SUNDANCE Movie Review: Coda
by Julie Perez
Directed by Siân Hader, Coda tells a unique coming-of-age story.
Ruby (Emilia Jones) is the only hearing person in her family (Troy Kotsur, Daniel Durant, and Marlee Matlin), which has forced her to translate for them throughout most of her life. Her days begin at 3 am because she helps her family with their fish business. After working on the boat, Ruby heads to school to complete her senior year of High School. Ruby attempts to tackle her passion for singing, her schoolwork, and her family’s fish business but the overwhelming stress of it all forces her to evaluate what she wants from life.
In an attempt to become closer to her crush Miles (Ferdia Walsh-Peelo), Ruby joins the school choir and quickly discovers that it’s her passion. Her choir teacher, Bernardo Villalobos (Eugenio Derbez), convinces her to audition for Boston’s prestigious Berklee College of Music which subsequently causes her to alienate her family. When her family’s business finds itself threatened, Ruby is forced to decide between helping them or following her passion; truly a Sophie’s Choice moment if I’ve ever seen one.
CODA was created with love at the forefront, which is evident within every single frame. Hader treated the story of an underrepresented community with such care and it all started with the casting. By casting deaf actors to play the family, she showed us just how easy inclusion could be for Hollywood. She showed respect for a community that the general public often dismisses. CODA is such a joyful watch; it will make you belly laugh in one scene while bringing tears to your eyes in a separate one.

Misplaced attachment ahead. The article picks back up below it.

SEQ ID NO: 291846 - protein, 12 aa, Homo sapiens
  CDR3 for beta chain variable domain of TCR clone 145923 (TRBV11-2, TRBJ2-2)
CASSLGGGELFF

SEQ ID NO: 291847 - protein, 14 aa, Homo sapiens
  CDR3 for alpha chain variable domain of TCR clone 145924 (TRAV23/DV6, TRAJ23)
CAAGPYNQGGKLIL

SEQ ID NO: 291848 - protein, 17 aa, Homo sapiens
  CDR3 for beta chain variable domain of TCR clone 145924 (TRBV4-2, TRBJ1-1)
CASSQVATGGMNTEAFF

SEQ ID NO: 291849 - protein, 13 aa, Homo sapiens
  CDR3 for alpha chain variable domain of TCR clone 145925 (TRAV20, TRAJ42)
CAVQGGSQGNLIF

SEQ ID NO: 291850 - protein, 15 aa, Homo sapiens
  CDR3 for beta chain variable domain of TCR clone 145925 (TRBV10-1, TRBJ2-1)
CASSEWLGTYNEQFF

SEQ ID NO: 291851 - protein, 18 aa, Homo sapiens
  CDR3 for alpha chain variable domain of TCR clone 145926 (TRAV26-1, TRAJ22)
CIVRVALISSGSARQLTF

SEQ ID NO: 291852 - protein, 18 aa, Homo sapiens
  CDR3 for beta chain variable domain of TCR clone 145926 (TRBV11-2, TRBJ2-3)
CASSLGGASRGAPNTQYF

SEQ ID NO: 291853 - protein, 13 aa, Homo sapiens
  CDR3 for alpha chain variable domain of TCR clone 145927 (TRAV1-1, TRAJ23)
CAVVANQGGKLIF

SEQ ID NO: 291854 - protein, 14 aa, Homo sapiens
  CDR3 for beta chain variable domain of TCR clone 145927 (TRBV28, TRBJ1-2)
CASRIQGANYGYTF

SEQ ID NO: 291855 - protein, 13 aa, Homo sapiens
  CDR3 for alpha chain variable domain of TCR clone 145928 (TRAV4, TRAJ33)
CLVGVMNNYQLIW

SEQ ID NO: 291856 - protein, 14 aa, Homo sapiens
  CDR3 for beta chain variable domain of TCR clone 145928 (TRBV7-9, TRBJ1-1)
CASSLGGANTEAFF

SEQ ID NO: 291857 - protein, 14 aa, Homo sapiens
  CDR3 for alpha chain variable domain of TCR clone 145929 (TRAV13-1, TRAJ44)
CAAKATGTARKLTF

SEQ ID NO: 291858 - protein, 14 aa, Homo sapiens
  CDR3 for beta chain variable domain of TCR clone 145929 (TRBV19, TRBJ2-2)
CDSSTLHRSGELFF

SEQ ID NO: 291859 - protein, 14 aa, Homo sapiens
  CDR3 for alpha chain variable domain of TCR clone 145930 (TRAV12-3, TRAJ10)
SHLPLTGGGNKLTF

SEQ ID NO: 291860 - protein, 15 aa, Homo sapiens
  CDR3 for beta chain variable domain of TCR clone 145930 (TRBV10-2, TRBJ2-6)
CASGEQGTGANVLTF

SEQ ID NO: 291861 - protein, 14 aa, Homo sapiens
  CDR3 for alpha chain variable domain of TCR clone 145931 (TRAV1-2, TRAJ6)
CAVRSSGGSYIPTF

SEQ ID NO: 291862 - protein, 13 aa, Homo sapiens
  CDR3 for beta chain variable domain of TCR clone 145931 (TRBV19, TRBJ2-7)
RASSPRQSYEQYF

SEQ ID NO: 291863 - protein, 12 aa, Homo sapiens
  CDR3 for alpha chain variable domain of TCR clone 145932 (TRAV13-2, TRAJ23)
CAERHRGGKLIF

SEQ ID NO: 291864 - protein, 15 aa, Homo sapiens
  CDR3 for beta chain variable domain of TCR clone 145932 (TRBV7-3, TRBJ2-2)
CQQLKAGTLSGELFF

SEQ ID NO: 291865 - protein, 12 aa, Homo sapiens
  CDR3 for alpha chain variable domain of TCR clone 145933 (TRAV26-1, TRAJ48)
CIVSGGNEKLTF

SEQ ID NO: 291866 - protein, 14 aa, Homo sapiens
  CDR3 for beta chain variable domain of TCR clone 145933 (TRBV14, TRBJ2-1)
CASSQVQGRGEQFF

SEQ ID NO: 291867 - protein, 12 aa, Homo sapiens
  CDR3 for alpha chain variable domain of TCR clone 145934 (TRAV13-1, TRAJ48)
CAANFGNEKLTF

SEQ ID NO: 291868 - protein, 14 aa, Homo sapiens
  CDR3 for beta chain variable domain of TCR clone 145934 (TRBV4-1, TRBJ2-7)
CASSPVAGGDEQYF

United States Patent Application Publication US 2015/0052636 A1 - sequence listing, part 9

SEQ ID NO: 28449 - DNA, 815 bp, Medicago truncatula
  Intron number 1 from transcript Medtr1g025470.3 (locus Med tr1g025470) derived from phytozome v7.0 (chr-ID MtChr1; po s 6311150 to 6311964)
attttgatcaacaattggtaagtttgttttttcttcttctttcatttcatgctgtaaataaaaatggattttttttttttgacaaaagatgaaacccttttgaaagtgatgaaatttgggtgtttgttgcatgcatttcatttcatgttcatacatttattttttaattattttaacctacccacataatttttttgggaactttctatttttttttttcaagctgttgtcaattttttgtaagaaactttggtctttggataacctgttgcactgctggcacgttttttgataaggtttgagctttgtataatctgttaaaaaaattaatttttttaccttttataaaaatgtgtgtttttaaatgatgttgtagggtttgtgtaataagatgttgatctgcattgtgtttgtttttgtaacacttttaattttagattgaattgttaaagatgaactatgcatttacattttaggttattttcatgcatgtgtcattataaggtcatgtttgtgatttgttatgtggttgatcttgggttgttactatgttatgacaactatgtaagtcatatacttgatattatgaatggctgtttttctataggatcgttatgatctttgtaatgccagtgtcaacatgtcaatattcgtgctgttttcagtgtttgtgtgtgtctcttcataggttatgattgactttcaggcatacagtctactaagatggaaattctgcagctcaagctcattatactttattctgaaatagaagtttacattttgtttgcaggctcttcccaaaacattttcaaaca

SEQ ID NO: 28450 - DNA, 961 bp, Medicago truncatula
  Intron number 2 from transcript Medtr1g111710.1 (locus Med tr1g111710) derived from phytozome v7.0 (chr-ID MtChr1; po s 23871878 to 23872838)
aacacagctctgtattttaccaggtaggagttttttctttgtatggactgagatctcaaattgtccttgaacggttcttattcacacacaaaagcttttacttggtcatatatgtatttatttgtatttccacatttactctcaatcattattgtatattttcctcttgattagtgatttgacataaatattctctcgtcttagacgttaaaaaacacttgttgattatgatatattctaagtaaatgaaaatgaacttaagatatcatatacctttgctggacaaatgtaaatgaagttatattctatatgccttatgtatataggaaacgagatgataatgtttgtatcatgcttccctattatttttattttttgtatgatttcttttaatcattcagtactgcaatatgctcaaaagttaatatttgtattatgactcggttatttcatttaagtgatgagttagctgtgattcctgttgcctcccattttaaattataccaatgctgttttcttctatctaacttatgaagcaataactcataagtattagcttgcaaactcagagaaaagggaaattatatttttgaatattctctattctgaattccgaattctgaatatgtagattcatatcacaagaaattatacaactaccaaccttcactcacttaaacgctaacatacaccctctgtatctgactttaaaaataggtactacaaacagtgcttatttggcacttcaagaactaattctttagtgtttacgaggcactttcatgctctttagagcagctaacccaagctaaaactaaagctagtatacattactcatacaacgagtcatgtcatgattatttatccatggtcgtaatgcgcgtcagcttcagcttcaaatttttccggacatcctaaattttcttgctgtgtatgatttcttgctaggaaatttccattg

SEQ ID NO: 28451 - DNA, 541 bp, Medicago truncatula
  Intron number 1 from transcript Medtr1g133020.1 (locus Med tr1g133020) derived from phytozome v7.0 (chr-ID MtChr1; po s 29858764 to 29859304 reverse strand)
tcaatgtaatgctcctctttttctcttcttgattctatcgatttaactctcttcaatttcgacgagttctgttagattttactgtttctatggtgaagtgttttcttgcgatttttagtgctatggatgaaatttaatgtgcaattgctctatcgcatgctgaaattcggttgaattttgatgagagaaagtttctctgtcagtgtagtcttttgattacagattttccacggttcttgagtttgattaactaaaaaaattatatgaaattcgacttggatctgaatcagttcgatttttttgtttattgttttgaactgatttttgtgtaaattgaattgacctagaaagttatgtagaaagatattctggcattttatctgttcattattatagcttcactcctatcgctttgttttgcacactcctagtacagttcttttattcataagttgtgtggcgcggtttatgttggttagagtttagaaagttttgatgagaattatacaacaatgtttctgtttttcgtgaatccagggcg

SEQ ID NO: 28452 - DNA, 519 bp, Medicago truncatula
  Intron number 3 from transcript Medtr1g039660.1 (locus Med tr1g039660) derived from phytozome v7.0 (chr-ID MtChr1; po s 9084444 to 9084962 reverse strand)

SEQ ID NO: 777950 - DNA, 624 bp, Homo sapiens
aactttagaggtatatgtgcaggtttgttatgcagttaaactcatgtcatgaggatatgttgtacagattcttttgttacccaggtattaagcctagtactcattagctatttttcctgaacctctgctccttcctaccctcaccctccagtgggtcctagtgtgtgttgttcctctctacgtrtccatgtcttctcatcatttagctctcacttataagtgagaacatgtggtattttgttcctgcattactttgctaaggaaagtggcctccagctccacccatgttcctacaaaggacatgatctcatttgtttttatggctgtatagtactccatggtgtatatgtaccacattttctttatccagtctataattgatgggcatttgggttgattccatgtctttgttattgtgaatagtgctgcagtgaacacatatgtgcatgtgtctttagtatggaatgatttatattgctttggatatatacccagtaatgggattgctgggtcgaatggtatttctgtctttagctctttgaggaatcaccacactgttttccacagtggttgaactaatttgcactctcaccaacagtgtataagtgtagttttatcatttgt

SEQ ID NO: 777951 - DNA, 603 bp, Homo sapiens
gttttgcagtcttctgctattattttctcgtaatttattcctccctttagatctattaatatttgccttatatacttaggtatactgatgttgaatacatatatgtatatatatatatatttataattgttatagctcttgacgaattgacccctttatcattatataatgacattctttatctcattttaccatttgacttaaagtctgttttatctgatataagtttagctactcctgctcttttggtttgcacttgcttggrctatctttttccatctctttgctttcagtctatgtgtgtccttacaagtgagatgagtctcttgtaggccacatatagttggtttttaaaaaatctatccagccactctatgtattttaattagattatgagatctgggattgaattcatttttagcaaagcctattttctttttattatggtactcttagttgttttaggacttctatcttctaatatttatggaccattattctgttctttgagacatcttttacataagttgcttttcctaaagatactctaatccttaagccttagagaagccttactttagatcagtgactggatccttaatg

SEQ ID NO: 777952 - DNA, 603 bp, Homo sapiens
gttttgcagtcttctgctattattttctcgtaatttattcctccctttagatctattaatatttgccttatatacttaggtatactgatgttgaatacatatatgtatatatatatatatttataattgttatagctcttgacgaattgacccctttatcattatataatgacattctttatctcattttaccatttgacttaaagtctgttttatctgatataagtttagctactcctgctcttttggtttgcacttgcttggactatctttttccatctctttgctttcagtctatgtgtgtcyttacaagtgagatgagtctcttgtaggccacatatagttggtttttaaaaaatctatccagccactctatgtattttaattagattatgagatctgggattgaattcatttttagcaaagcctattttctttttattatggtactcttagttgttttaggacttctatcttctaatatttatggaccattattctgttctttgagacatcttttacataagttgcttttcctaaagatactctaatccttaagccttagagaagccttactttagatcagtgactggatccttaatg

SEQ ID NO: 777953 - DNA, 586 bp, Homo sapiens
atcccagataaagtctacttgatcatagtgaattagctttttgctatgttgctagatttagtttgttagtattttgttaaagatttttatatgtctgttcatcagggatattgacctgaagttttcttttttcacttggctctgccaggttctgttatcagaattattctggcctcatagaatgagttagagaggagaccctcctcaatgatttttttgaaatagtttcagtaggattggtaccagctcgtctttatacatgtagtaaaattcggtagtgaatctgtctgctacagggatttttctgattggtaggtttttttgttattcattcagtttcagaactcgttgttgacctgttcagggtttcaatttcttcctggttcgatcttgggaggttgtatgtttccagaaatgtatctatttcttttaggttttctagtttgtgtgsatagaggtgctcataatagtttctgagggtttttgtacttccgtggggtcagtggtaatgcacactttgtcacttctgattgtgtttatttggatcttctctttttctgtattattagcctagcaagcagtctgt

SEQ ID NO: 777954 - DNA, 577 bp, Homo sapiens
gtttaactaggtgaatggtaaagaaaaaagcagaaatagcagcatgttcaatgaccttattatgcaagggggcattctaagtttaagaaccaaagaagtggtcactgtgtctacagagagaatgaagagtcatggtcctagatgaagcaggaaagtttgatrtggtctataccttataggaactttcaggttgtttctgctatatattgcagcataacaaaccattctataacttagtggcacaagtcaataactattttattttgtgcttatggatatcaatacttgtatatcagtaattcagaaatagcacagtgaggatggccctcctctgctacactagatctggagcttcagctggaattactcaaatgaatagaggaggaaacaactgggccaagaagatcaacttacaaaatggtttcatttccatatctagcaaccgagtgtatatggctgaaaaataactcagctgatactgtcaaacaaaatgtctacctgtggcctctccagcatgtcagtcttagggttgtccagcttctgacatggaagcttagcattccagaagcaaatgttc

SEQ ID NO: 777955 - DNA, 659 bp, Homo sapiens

The ensemble cast deserves all the praise that comes their way. Marlee Matlin played the loving and protective mother with the kind of passion that will shake you to your core. Troy Kotsur and his impeccable comedic timing allowed for wonderful moments of levity, while also being essential for the emotionally-driven climactic father-daughter scene towards the end of the film. Daniel Durant plays the conflicted and often misunderstood brother in such a tender manner that you immediately ached for him. Emilia Jones will make waves with this film and will ultimately become a talent to watch in the coming years.
I was unprepared to connect as fervently with this film as I did. As a Mexican-American child, I grew up having to translate for my mother. The number of awkward doctors’ appointments I had to attend when I was younger, would make for a wonderfully-embarrassing memoir. For me, Ruby’s story and the conflicted feelings she has about wanting to live her life but feeling like she should stay to help her family felt relatable in a way that I hadn’t experienced in a film before. CODA is just another reminder of how interconnected we all are and for that, I will be eternally grateful to Siân Hader.
Apple TV+ won a bidding war and acquired CODA for a whopping $25 million, which is a record high for Sundance. It’s only a matter of time before this heartwarming film hits one of your Apple products.